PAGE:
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What are the benefits of reverse mentoring?

reverse-mentoring

What is reverse mentoring and more importantly, what are the benefits of it? It is an innovative approach that turns the traditional mentoring paradigm on its head.

When a senior leader is mentored by a person from an under-represented background – by means of gender, age, ethnicity, disability to name a few, they become the novice and lean into their growth mindset to understand their biases and drive change when it comes to equity. 

Such a transformative experience not only enlightens the leaders but also serves as a catalyst for organisational change, particularly in the realms of equity and inclusion.

In the fast pace of corporate life, leaders often inadvertently focus on the tangibles – results and profits. However, this narrow lens can obscure the less visible, yet equally critical, aspects of workplace dynamics.

What would initiate reverse mentoring in senior leaders?

It’s only when they are faced with higher employee turnover and lower satisfaction driving productivity down that the true cost of such oversight becomes apparent. This is a pivotal moment where a strategic shift to ongoing, authentic engagement can staunch the flow and reinforce the foundations of a thriving corporate culture.

Reverse mentoring is particularly effective in pre-empting such cultural erosion.

By fostering direct dialogue between leadership and frontline employees, it uncovers the hidden pressures and challenges that may go unnoticed in the upper echelons of management.

It invites leaders to step into the shoes of their teams and view the world through a fresh, often enlightening perspective.

Case study in success by more humane business leadership

In a particular organisation, the attrition rate among Generation Z employees reached a troubling 30%, with these individuals choosing to leave within their first half-year of employment.

During exit interviews, a poignant reason emerged for those who opted to voice their concerns: a feeling of disenfranchisement, a sense that their contributions were not being acknowledged, creating a pervasive feeling of not belonging within the organisation’s community.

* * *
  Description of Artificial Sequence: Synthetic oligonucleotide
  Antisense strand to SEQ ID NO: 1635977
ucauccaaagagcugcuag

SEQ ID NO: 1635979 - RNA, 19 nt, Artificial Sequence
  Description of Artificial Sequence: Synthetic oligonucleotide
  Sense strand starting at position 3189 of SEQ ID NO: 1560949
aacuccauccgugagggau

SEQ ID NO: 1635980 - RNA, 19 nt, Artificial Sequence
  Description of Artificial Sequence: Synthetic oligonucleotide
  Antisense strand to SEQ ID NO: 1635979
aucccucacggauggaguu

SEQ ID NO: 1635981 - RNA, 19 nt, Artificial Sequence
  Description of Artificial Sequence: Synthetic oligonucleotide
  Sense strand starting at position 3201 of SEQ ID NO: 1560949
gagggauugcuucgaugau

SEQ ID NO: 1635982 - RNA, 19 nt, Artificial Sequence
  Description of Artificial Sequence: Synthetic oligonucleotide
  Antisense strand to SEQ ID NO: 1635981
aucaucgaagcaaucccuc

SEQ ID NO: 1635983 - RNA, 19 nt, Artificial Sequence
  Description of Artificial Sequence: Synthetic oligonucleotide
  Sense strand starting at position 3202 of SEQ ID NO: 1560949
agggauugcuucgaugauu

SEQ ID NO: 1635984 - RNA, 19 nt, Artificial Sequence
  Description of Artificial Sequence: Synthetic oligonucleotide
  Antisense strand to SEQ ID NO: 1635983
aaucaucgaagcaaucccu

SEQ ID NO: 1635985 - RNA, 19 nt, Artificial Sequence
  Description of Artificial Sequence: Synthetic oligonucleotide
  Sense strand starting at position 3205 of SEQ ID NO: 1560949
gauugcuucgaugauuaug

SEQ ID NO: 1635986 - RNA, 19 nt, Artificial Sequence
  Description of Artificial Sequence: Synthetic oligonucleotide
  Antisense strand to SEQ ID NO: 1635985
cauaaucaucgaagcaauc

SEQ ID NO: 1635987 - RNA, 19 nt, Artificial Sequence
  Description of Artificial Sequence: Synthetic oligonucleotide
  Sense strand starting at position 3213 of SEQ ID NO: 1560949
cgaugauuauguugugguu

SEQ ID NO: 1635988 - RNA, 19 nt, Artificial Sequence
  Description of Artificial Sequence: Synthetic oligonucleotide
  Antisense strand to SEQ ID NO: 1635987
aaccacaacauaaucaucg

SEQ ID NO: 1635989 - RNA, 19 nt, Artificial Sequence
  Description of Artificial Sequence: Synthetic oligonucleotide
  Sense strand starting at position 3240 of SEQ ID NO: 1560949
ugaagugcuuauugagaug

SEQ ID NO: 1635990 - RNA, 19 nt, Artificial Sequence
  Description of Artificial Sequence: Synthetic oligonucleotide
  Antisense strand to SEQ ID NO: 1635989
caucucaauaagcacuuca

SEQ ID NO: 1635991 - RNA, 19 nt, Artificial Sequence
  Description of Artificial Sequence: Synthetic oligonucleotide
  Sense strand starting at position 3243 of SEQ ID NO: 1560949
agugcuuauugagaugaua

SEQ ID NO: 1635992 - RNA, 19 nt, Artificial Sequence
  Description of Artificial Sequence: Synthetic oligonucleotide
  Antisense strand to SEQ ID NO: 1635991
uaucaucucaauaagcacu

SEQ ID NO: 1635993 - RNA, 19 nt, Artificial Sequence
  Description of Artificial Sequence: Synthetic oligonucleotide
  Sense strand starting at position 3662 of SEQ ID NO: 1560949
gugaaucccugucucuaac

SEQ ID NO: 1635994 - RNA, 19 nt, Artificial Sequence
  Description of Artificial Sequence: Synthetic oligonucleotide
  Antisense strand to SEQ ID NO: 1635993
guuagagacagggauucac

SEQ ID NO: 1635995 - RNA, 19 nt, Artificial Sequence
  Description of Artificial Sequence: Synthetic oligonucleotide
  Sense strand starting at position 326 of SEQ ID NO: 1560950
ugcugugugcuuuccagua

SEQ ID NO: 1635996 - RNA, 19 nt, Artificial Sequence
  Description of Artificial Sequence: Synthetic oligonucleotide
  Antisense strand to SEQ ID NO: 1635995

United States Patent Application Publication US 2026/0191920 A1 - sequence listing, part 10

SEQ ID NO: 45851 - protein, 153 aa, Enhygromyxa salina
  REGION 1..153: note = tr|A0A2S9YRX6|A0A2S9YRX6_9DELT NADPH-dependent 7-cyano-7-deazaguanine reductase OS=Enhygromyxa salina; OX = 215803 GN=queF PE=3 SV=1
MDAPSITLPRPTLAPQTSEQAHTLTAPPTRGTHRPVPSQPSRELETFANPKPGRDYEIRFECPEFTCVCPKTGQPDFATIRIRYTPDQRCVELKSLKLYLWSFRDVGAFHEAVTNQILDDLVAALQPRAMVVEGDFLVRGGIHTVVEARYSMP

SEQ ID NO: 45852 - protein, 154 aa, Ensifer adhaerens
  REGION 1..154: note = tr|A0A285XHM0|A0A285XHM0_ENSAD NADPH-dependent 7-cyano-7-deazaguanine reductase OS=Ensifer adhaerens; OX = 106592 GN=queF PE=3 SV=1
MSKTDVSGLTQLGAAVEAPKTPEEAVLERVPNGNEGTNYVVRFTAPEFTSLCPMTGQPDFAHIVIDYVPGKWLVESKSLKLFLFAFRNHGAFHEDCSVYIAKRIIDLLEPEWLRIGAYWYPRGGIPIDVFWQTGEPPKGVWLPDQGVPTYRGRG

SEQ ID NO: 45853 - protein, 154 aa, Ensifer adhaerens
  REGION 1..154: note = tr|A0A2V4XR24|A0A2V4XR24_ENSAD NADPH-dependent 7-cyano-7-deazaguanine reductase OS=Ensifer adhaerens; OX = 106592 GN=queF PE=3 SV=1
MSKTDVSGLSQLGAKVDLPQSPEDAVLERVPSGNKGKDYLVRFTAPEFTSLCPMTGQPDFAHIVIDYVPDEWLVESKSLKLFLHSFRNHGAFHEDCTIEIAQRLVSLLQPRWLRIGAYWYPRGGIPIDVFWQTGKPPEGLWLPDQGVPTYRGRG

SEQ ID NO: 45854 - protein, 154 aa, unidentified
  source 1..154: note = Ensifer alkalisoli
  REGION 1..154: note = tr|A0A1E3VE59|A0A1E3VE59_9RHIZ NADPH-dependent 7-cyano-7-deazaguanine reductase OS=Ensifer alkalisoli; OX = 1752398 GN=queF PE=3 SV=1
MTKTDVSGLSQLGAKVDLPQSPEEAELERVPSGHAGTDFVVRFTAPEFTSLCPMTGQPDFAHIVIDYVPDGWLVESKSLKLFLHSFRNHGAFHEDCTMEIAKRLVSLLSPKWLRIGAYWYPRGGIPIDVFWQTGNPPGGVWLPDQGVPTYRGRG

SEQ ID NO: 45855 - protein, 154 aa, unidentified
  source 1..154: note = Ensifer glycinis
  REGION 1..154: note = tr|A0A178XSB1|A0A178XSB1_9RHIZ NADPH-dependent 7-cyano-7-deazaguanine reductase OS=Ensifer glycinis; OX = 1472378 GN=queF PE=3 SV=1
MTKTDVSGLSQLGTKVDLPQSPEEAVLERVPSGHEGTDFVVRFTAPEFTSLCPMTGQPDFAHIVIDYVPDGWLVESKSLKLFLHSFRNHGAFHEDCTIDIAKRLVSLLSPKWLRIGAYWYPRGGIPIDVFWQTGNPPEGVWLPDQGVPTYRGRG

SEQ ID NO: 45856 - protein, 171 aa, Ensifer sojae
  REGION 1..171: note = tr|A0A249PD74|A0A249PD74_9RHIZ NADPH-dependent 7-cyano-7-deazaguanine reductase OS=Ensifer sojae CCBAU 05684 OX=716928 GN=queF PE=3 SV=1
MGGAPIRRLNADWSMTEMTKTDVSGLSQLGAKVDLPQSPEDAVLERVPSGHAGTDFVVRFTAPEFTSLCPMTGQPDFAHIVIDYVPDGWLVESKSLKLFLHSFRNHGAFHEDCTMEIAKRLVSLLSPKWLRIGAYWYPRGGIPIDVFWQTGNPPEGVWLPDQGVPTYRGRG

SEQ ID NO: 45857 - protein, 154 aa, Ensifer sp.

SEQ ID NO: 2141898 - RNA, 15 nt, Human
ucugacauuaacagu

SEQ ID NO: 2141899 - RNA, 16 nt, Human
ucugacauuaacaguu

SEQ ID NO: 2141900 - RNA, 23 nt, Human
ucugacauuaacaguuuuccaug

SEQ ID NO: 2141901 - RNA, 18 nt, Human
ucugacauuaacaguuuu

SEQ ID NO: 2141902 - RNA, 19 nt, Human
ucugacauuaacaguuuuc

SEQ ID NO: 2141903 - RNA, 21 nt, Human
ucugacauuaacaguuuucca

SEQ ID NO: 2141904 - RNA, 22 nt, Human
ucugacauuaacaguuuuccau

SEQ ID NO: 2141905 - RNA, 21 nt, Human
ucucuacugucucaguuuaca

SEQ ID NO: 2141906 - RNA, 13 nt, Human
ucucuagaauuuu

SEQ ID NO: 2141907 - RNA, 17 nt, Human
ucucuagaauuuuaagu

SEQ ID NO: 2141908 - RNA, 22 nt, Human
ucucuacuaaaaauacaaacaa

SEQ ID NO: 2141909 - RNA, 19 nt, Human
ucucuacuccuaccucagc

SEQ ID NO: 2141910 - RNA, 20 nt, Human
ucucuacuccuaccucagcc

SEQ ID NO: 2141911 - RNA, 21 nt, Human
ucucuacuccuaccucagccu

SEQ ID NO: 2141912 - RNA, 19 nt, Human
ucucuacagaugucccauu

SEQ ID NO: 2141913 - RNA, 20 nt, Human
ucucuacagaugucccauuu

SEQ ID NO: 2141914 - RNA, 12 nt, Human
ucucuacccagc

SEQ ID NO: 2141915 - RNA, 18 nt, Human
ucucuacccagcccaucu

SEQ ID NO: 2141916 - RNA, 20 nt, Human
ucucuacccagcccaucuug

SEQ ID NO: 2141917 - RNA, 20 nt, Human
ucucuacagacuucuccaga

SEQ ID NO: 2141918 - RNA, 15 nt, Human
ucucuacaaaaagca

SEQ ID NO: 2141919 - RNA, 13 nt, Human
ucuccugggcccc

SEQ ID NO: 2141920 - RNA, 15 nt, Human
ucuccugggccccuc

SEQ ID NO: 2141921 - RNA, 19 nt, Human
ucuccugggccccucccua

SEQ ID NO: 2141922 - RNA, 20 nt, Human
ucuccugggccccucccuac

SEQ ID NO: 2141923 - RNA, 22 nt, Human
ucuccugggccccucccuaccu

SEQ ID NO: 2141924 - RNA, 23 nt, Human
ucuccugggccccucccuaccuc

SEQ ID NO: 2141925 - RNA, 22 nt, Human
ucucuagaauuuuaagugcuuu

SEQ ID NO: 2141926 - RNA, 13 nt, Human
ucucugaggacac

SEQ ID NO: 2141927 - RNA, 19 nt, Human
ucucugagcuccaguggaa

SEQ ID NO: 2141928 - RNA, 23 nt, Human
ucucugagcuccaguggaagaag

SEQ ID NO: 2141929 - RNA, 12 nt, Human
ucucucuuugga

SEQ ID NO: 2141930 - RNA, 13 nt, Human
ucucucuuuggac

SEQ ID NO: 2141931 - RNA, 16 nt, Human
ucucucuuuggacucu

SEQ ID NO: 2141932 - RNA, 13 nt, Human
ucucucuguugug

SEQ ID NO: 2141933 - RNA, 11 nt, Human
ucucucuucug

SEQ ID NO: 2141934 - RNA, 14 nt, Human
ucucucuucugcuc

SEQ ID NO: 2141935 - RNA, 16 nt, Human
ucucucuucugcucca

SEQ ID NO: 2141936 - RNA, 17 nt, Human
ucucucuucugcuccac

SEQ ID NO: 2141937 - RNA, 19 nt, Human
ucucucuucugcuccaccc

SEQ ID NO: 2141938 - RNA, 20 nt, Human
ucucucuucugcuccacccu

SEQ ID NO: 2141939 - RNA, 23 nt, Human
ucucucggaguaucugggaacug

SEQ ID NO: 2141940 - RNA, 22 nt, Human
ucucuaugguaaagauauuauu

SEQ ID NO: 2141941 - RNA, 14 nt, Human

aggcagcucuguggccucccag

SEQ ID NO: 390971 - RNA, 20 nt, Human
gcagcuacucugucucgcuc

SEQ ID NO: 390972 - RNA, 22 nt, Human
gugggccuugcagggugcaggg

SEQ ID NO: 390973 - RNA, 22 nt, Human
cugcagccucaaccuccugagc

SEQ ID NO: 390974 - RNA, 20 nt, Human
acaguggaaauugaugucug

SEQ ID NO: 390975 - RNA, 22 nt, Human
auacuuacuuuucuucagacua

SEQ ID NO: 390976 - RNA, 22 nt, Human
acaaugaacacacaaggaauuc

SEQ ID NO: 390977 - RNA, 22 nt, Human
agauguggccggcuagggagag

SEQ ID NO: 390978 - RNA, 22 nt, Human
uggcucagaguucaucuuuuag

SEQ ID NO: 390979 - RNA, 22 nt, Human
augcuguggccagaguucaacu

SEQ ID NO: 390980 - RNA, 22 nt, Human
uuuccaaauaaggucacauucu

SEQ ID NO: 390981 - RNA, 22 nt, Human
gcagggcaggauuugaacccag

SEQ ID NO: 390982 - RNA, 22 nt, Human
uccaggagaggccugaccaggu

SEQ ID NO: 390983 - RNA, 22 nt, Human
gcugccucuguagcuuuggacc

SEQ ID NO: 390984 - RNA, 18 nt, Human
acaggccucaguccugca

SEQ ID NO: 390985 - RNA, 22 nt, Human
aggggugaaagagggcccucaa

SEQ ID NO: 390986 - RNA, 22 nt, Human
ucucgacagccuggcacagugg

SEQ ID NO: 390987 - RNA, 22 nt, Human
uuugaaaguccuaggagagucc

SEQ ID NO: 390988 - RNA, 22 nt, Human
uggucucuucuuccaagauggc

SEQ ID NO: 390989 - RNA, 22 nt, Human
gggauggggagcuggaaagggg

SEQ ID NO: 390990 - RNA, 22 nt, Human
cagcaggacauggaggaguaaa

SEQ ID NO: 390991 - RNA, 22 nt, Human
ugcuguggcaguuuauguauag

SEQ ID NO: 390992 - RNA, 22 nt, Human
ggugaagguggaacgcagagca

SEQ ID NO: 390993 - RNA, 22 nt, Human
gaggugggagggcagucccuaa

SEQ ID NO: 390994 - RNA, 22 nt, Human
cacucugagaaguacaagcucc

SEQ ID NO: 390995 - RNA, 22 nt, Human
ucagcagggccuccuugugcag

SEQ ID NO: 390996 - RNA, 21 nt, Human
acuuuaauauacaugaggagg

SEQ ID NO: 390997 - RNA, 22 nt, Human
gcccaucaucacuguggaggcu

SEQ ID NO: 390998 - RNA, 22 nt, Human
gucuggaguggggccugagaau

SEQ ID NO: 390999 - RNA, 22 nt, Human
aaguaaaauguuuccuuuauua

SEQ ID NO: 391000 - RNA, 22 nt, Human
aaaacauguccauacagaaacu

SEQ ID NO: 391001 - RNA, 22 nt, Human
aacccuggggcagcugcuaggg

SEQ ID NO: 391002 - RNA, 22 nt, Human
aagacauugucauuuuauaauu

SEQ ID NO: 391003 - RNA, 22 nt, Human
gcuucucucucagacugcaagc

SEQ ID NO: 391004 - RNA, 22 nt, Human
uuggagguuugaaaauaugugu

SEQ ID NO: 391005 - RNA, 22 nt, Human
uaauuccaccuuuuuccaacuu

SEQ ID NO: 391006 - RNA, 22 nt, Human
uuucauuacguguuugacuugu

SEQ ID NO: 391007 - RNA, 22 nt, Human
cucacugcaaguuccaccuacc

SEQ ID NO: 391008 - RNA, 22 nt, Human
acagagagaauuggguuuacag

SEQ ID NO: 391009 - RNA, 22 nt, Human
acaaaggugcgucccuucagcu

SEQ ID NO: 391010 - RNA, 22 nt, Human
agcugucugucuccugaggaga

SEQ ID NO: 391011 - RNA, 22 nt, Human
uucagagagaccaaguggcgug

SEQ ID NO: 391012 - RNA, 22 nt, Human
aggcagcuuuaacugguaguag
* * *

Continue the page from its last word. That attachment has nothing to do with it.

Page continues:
In response to this unsettling trend, one leader within the company – drawn to action by his understanding of this generation through his own children – initiated a candid dialogue with one of the departing individuals.

Over a coffee, he delved into the specific experiences of this younger cohort, and what changes could be made to better retain these onboarded talents.

Aware that diversity in numbers does not inherently translate to an inclusive culture, he recognised the insufficiency of a mere HR report to truly grasp the situation – personal insights were crucial.

The leader learned practical ways to foster inclusiveness: inviting more frequent input, ensuring regular communication, increasing his visibility in the office, and organising coffee mornings to encourage both discussion and informal interaction.

Such seemingly minor measures, like the placement of snacks in common areas to promote social interaction, were in fact significant and economically viable strategies that could be quickly implemented.

Further galvanised by this eye-opening interaction, the leader established a monthly feedback session.

Initially, attendance was sparse, but as it became clear that these were not just talk shops but forums for real change, participation surged.

The sessions transformed into vibrant hubs of discussion, humour, and crucially, a birthplace for substantive business decisions.

This narrative emphasises how simple, thoughtful leadership interventions, underpinned by genuine conversations, can create an inclusive environment that not only retains talent but also empowers it to actively shape the organisation’s future.

The broader impact on work culture is profound. Engaged employees, trust in leadership, and a pervasive sense of belonging ensue from such initiatives.

This is not just about improving metrics; it is about fostering a community within the workplace where inclusivity is not just preached but practiced.

Empowerment and innovation are natural byproducts of such a culture.

Employees who feel heard are more likely to contribute openly, leading to a more agile and inventive organisation. Challenges are better addressed from within, transforming potential internal crises into opportunities for growth and learning.

Reverse mentoring, therefore, is more than a mere exercise in diversity – it is a strategic imperative for enlightened leadership.

It prepares organisations to not just weather the storms of change but to sail ahead, with every member at the helm, charting a course toward a more equitable, engaged, and successful future.

How can employees attract and retain black Gen Z talent?